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Topic: GPO steinway keyboard not so forte

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  1. #1

    GPO steinway keyboard not so forte

    When I play fast or repeat a note in quick succession on GPO's steinways (or on other piano patches), the notes fade or drop out. Was wondering if someone might have had a similar experience. Thanks.

    GPO latest version, Logic Pro 6.4.1, Mac DP1.24, 2G ram, 10.2.8, Roland amt8 midi transmitter, Roland D50 keyboard

  2. #2
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    Re: GPO steinway keyboard not so forte

    Sam,

    Did you try resetting the Sustain Pedal to "Normal Sustain" Operation? The sustain pedal defaults to legato mode soince the vast majority of the instruments in the library sustain. Go in the options menu and reset the pedal mode to the first option and this may be what you are looking for,

    Gary Garritan

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    Senior Member rwayland's Avatar
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    Re: GPO steinway keyboard not so forte

    Quote Originally Posted by sam ward
    When I play fast or repeat a note in quick succession on GPO's steinways (or on other piano patches), the notes fade or drop out. Was wondering if someone might have had a similar experience. Thanks.

    GPO latest version, Logic Pro 6.4.1, Mac DP1.24, 2G ram, 10.2.8, Roland amt8 midi transmitter, Roland D50 keyboard
    Well, it also is quite helpful to use the X-custom steinway with the velocity slider all the way to the right. I have many piano pieces, which work well in this way.

    Richard

  4. #4

    Re: GPO steinway keyboard not so forte

    Synth actions (velocity weighted or not) aren't really designed for fast playing (the same note or many notes in succession) with velocity-sensitive instruments like a piano. I think the Roland D50 (from the specs I saw on it) falls into this category. The drop out notes are due to the hammer not reaching the velocity switch at all. The faded notes are due to the key being released just prior to the hammer making contact. In this case the hammer is close enough to make light contact through it's own inertia. This type of problem may not manifest itself in other samples because the instrument at hand doesn't handle dynamics from the keyboard, be it an organ or the lion's share of GPO samples.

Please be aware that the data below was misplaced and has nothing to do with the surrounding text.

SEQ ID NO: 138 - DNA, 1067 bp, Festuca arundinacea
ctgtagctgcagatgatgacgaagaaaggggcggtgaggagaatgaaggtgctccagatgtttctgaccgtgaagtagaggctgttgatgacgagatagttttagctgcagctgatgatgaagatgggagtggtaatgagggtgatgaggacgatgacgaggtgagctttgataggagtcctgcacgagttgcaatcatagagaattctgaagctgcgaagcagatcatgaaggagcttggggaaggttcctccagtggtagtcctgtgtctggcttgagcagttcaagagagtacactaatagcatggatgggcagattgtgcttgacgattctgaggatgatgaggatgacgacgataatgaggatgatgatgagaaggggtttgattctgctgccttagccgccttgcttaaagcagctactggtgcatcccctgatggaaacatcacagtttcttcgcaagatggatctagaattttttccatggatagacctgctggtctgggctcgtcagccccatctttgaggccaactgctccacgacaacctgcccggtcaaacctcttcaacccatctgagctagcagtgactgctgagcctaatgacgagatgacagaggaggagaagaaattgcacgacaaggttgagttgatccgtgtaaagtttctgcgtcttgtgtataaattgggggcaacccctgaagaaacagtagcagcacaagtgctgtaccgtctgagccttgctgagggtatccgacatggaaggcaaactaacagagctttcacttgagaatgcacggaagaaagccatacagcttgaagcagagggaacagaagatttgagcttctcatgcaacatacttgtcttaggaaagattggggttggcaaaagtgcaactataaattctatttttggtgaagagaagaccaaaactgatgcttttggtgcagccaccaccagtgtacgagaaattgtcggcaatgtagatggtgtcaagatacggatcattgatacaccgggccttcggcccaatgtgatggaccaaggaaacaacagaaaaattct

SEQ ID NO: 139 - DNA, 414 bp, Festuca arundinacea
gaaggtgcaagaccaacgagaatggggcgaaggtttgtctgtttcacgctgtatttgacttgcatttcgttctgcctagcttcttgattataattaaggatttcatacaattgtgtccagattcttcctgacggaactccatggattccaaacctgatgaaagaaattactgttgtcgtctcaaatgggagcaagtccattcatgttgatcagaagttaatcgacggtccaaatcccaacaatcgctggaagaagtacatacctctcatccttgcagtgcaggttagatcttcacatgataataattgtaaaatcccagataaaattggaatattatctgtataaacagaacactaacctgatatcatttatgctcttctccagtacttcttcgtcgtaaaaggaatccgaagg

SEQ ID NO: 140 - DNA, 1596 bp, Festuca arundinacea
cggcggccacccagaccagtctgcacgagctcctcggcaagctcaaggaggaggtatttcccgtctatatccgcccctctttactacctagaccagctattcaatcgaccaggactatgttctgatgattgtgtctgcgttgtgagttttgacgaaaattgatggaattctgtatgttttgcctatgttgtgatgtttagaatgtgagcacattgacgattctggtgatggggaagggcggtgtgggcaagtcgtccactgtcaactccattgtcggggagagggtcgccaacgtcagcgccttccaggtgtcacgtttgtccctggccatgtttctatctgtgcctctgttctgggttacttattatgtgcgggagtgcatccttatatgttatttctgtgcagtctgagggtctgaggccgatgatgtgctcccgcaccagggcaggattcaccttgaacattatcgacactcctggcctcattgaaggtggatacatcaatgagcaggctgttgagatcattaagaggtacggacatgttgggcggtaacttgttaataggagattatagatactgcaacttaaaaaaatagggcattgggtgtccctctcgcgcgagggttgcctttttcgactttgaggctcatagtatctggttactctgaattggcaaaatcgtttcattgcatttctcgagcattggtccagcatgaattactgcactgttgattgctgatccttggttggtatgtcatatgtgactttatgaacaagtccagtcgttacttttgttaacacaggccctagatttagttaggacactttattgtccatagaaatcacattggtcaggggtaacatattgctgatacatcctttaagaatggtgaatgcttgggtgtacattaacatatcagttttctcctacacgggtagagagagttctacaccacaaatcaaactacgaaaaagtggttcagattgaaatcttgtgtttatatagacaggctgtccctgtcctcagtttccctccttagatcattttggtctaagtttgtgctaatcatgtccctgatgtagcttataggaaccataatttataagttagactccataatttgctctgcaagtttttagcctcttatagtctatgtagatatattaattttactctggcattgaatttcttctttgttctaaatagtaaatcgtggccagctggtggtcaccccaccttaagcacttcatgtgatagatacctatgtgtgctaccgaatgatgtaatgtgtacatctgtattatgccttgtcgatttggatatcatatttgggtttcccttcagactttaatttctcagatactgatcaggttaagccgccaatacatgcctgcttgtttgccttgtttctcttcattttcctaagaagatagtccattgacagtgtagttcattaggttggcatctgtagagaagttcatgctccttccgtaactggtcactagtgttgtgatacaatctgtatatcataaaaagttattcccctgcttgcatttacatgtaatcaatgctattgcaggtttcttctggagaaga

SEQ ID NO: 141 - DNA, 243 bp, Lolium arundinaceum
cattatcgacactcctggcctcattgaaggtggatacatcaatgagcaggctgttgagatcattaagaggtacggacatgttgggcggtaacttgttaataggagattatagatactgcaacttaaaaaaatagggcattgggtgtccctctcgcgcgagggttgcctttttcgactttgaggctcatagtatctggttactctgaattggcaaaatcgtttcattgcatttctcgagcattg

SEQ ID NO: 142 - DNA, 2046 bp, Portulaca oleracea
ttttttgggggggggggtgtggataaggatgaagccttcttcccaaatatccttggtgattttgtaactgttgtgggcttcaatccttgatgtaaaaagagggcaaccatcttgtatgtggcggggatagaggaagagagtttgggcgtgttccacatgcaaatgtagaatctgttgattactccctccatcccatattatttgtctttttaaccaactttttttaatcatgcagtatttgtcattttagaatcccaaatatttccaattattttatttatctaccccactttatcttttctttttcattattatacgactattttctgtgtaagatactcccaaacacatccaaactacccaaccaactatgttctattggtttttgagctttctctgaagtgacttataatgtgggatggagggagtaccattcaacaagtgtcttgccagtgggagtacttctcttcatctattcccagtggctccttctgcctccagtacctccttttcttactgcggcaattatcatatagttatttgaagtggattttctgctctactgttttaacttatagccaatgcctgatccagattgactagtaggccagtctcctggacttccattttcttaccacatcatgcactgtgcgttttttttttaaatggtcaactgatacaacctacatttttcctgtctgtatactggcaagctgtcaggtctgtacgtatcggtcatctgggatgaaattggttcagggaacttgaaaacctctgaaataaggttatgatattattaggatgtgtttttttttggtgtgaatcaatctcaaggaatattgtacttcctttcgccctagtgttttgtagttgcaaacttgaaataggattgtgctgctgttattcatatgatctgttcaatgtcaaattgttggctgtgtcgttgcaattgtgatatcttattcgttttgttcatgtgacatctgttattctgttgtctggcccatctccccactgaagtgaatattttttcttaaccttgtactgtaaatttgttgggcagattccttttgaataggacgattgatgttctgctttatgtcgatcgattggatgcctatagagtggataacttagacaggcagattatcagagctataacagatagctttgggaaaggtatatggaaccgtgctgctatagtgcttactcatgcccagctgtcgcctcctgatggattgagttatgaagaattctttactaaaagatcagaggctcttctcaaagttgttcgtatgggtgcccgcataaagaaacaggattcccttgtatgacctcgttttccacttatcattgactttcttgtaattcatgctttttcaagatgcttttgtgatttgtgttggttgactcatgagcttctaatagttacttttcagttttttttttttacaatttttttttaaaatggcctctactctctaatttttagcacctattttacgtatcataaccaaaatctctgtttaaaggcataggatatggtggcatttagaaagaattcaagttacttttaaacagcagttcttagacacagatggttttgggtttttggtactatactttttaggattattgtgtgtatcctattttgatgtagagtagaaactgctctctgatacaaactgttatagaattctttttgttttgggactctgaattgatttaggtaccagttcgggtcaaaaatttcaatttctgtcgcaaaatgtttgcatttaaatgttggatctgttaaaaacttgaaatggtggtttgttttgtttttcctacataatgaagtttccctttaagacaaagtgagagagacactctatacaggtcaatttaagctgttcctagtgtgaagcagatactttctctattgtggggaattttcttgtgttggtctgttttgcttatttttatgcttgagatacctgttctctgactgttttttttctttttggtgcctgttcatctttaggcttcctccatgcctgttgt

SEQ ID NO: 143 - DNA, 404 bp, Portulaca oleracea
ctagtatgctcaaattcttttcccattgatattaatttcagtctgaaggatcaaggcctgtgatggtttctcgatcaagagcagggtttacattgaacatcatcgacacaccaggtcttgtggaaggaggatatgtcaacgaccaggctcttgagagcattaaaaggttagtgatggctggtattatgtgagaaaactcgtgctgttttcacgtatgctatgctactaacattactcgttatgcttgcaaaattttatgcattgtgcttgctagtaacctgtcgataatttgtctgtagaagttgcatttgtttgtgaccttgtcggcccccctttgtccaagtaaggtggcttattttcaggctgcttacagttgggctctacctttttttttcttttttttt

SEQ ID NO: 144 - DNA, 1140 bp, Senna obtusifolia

The easy answer would be to get a keyboard with a more competent action (I have the Yamaha P-90 stage piano - others have raved about the Kawai 9500, if you can still find them on EBay). But I think you might be able to get a little more consistency if you're willing to experiment with your keyboard technique. Try playing the quick succession of the same note with two hands - more specifically the index fingers of your right and left hand. Using a staccato strike will allow the note to be struck with force, at the same time allowing the key to return to rest before the opposite finger strikes. If the keys in the D50 don't snap back to position, it may be worthwhile to take it in to get the action cleaned and/or oiled up.

    Fast passages are a different animal. Basically, the best advice here is to play them slowly at first, making sure all notes are hit consistently. Then gradually speed up until the consistency slips (notes drop off in volume, disappear, etc.). Take note of this and keep practicing these passages at this speed for a while. If the consistency gets better, then you know you can develop a keyboard technique for the D50 that will help you play faster more consistently. If the consistency remains the same, then that's about as fast as the action on the D50 will allow you to play.
    -E

    "Welcome to Rivendell, Mr. Anderson."

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